The only case we can find at all touching upon the subject is an early Pennsylvania decision in which it was held that a court cannot require, pending an action of ejectment, security from defendant for mesne profits, or restrain defendant from collecting rents.[16] This holding, while it is not exactly in point, seems to militate against the appellees. Courts have on occasion in actions of this nature appointed receivers, but only upon a showing that there is imminent danger to the property or that its proceeds will deteriorate in value or be wasted during the pendency of the action.[17] Under our statute a receiver may be appointed in any action or proceeding, other than an action for the recovery of specific personal property, provisionally, before judgment, on the application of either party, when his right to the property which is the subject of the action or proceeding, and which is in the possession of an adverse party, is probable, and the property or its rents or profits are in danger of being lost or materially injured or impaired.[18] There is no claim on the part of the appellees and no indication in the record before us that any property or its rents or profits in this case are in danger of being lost or materially injured or impaired.

We cannot determine from the record whether the trial court actually weighed its authority to grant the rent order. The only reason it gave for denying the motion to set aside the order was that the appellants were guilty of laches for failure to oppose the original motion or to give any reason for their failure to so do. Since it had no legal authority to grant the rent order here on review, we find that the District Court so far departed from the accepted and usual course of judicial proceedings as to call for this court's power of supervision and review.

Review is granted. The order of May 25, 1959, granting appellees' motion to pay rent money is reversed[19] and this case is remanded to the superior court for further proceedings consistent with this opinion.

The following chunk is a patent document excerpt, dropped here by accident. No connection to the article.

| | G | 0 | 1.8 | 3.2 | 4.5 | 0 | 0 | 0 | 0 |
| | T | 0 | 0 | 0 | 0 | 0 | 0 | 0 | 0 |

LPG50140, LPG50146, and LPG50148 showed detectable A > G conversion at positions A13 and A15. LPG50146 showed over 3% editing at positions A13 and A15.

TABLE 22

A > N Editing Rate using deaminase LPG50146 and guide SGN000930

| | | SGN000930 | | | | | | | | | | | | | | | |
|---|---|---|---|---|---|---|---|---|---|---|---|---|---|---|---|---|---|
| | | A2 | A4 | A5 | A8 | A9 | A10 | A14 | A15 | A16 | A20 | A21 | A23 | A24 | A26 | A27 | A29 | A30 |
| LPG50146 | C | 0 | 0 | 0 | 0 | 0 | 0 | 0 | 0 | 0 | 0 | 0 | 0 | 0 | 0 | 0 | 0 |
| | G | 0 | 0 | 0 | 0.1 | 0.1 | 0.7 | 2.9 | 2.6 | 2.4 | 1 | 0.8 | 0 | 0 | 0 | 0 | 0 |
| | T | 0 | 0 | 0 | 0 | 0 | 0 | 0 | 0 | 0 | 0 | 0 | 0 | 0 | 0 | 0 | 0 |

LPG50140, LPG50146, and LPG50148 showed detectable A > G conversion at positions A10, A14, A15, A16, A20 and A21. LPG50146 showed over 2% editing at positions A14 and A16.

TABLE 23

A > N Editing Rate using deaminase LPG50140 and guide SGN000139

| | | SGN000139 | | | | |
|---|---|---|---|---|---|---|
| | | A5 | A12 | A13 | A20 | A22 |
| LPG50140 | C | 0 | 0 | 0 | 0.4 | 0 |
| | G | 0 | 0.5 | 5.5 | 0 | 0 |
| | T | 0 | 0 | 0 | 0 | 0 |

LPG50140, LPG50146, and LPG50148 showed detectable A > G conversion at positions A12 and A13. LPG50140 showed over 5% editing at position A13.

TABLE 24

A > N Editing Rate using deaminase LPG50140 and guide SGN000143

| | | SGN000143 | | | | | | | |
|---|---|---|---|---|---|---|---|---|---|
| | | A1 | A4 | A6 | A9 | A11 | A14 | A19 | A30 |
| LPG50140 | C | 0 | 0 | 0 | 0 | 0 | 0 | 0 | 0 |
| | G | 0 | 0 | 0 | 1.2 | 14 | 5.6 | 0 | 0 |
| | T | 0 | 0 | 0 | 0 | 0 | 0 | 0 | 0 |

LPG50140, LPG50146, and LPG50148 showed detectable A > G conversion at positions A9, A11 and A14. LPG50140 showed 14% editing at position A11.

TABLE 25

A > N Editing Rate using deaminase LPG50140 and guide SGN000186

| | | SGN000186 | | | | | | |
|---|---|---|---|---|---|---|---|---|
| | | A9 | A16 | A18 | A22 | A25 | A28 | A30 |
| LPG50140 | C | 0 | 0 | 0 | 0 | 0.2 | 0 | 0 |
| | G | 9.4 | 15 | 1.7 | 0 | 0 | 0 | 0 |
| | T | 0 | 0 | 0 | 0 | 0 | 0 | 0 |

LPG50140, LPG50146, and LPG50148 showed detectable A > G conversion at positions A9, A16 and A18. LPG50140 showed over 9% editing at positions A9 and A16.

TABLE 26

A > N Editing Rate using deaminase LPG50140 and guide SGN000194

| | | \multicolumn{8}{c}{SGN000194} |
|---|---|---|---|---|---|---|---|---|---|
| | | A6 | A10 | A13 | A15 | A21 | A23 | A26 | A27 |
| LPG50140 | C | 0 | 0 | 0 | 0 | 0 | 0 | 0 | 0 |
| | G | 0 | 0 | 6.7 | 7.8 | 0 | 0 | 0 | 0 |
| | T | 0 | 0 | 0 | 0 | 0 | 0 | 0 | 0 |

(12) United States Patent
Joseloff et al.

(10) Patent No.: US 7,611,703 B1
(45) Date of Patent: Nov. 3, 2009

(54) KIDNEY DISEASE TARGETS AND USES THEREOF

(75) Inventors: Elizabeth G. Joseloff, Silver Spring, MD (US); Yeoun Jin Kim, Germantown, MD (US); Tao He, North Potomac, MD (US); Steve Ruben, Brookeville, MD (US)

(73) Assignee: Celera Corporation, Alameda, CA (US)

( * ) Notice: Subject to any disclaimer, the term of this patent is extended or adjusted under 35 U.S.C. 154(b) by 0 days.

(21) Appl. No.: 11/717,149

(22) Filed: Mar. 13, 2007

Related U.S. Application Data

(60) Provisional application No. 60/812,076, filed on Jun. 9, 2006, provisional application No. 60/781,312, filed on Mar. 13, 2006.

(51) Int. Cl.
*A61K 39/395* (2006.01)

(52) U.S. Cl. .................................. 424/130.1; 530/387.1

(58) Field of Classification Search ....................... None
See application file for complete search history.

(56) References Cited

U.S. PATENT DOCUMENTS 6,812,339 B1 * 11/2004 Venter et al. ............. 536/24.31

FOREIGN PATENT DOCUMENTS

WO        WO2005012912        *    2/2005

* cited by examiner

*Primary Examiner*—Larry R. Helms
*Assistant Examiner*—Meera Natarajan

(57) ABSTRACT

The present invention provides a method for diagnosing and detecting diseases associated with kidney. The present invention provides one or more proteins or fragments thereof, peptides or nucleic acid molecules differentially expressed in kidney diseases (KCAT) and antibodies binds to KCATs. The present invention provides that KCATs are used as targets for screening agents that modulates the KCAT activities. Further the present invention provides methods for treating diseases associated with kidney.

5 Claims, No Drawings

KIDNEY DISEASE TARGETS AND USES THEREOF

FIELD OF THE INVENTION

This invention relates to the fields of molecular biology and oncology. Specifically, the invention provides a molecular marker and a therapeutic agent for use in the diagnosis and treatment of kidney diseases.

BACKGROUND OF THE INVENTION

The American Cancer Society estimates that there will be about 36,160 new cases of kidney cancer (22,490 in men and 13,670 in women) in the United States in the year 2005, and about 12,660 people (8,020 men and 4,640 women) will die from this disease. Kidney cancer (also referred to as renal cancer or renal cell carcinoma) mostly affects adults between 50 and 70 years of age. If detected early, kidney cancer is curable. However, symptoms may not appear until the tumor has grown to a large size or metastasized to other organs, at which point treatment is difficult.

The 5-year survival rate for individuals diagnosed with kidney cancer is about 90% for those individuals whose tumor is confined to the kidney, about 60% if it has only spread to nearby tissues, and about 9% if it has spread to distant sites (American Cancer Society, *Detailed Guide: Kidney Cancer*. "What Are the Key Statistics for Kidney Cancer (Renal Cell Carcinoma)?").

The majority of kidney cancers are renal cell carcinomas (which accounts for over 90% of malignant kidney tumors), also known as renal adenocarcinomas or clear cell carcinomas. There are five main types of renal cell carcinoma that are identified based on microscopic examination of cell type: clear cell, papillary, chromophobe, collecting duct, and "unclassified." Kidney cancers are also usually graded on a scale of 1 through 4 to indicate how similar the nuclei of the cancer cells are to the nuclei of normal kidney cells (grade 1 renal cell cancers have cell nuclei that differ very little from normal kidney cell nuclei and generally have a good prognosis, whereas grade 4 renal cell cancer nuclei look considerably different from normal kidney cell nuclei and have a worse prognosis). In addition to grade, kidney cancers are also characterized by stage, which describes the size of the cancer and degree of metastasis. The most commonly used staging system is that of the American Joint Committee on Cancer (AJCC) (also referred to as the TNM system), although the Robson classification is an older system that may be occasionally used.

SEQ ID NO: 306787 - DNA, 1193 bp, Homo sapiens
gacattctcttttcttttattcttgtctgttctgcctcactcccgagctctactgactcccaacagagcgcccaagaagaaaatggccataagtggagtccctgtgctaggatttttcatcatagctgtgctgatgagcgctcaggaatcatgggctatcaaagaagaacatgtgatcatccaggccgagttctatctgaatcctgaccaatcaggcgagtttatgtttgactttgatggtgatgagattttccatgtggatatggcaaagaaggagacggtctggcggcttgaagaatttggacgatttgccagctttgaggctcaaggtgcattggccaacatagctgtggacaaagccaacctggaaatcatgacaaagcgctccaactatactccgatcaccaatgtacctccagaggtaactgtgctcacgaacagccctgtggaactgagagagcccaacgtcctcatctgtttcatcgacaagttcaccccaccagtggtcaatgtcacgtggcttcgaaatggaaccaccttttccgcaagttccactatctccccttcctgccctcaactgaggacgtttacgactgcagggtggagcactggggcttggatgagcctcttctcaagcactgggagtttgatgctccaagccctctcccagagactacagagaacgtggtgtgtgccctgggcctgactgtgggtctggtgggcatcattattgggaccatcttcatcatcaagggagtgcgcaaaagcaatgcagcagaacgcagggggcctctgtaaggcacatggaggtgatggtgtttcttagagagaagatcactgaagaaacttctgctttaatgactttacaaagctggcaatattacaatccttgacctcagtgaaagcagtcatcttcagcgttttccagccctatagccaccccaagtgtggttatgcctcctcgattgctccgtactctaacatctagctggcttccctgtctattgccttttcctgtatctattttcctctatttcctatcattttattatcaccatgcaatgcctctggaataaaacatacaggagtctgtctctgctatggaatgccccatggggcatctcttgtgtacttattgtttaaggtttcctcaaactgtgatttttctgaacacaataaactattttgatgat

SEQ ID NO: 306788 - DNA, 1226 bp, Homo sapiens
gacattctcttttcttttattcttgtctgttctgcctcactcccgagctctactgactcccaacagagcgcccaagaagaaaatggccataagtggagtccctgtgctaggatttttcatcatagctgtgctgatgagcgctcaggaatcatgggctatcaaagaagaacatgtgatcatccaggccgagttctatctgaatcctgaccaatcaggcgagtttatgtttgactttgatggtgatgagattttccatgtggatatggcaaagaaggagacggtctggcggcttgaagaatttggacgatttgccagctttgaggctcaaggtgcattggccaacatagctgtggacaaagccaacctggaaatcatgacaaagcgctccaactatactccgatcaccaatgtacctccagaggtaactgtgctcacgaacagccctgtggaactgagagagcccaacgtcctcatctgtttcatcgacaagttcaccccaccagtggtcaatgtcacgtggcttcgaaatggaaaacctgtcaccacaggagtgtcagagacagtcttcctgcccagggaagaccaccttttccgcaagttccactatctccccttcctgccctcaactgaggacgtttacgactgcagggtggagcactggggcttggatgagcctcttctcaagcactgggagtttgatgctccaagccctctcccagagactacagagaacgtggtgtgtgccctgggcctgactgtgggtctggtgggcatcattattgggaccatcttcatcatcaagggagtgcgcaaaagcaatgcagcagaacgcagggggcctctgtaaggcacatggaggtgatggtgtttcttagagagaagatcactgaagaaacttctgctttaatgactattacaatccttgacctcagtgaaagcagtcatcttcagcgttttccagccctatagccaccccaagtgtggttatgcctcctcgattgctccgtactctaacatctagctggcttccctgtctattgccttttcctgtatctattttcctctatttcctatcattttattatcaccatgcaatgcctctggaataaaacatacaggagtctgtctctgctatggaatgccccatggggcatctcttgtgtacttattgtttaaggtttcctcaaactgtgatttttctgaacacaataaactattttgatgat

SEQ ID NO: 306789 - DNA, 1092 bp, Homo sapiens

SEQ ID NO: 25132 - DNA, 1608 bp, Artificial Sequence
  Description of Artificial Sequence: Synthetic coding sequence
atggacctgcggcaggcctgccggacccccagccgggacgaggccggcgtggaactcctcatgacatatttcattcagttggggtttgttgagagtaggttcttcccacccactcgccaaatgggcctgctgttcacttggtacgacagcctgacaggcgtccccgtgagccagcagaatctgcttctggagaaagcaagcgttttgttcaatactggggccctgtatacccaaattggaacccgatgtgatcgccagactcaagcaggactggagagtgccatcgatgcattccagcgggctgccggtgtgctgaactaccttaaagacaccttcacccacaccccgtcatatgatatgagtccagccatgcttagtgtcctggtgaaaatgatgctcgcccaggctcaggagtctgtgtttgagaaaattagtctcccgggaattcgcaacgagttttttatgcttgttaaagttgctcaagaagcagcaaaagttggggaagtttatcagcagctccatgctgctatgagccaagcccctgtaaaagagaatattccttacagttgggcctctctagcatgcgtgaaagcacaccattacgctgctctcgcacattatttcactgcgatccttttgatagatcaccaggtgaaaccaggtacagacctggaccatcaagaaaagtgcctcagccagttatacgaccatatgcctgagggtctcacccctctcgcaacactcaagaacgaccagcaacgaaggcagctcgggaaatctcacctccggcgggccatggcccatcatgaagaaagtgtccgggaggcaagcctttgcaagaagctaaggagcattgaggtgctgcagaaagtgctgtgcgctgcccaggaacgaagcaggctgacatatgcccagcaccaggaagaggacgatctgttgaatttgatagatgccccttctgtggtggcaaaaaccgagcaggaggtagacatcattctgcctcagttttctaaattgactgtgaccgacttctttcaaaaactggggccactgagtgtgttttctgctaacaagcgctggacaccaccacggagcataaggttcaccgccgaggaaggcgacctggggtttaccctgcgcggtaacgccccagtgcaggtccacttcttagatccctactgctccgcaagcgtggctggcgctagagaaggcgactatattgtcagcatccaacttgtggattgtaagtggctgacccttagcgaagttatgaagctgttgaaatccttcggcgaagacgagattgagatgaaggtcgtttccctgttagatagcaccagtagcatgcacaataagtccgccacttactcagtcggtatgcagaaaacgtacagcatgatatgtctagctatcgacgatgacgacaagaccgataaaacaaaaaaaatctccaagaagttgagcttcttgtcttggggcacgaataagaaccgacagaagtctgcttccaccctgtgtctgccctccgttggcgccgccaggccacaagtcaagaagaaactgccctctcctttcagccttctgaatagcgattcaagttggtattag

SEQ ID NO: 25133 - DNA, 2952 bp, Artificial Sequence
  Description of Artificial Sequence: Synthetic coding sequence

NOTES

[1] Alaska Const. art. IV, § 15.

[2] Alaska Sup.Ct.R. 6.

[3] Evans v. Gee, 1840, 14 Pet. 1, 39 U.S. 1, 10 L. Ed. 327.

[4] McLish v. Roff, 1891, 141 U.S. 661, 665-666, 12 S. Ct. 118, 35 L. Ed. 893, 894; 6 Moore, Federal Practice, Par. 54.04 at 22 (2d ed. 1953).

[5] Catlin v. U.S., 1944, 324 U.S. 229, 233, 65 S. Ct. 631, 89 L. Ed. 911, 916; City of Paducah v. East Tennessee Telegraph Co., 1913, 229 U.S. 476, 33 S. Ct. 816, 57 L. Ed. 1286.

[6] City of Fairbanks v. Schaible, Alaska 1960, 352 P.2d 129.

[7] Footnote 6.

[8] Alaska Sup.Ct.R. 24. See also Rule 23 (e).

[9] Alaska Sup.Ct.R. 24.

[10] Footnote 4, supra.

[11] Alaska Sup.Ct.Rules 52 and 54(d); Myers v. Duibley, 1952, 94 Ohio App. 228, 114 N.E.2d 832, 835; Stolar v. Turner, 1945, 236 Iowa 628, 19 N.W.2d 585, wherein the court stated that the Iowa Rules of Civil Procedure relating to appellate procedure are to be applied as Rules of the Supreme Court and not as statutes, and that the Supreme Court has power to waive such rules where interests of justice demand.

[12] Rule 40(d) reads as follows:

"At any time this court may entertain a motion to dismiss an appeal or petition for failure to prosecute the same or for failure to comply with these rules."

[13] Accord, La Vasser v. Chesbrough Lumber Co., 1916, 190 Mich. 403, 157 N.W. 74; and Burkhart v. Burkhart, 1940, 141 Fla. 450, 193 So. 434.

[14] The pertinent provision of the section reads as follows:

"* * * That from the date of sale and issuance of certificate of purchase and until redeemed, the holder of such certificate shall be entitled to the possession of the tract sold, together with the rents, issues and profits thereof, and any person who after ten days' notice and demand of possession thereof by the holder of such certificate of purchase who withholds the possession of such tract, shall be deemed guilty of unlawful detainer."

This statute was repealed in 1957 (Section 64, Chapter 174, S.L.A. 1957); but that is immaterial here, because the statute does not apply to the facts and circumstances of this case as we point out in our opinion.

[15] Kimball v. Miller, 1901, 1 Alaska 347, 351.

[16] France v. French, 2 Pa.Co.Ct.R. 165. The volume containing this decision was not available to the court; so reliance is placed on the digest of the case appearing in volume 28 C.J.S. Ejectment §§ 141, 142, p. 1033.

[17] 1 R.E. Clark, Law and Practice of Receivers, § 169 (3rd ed. 1959).

[18] Section 55-6-91, A.C.L.A. 1949.

[19] This, in effect, also disposes of the order of August 5, 1959.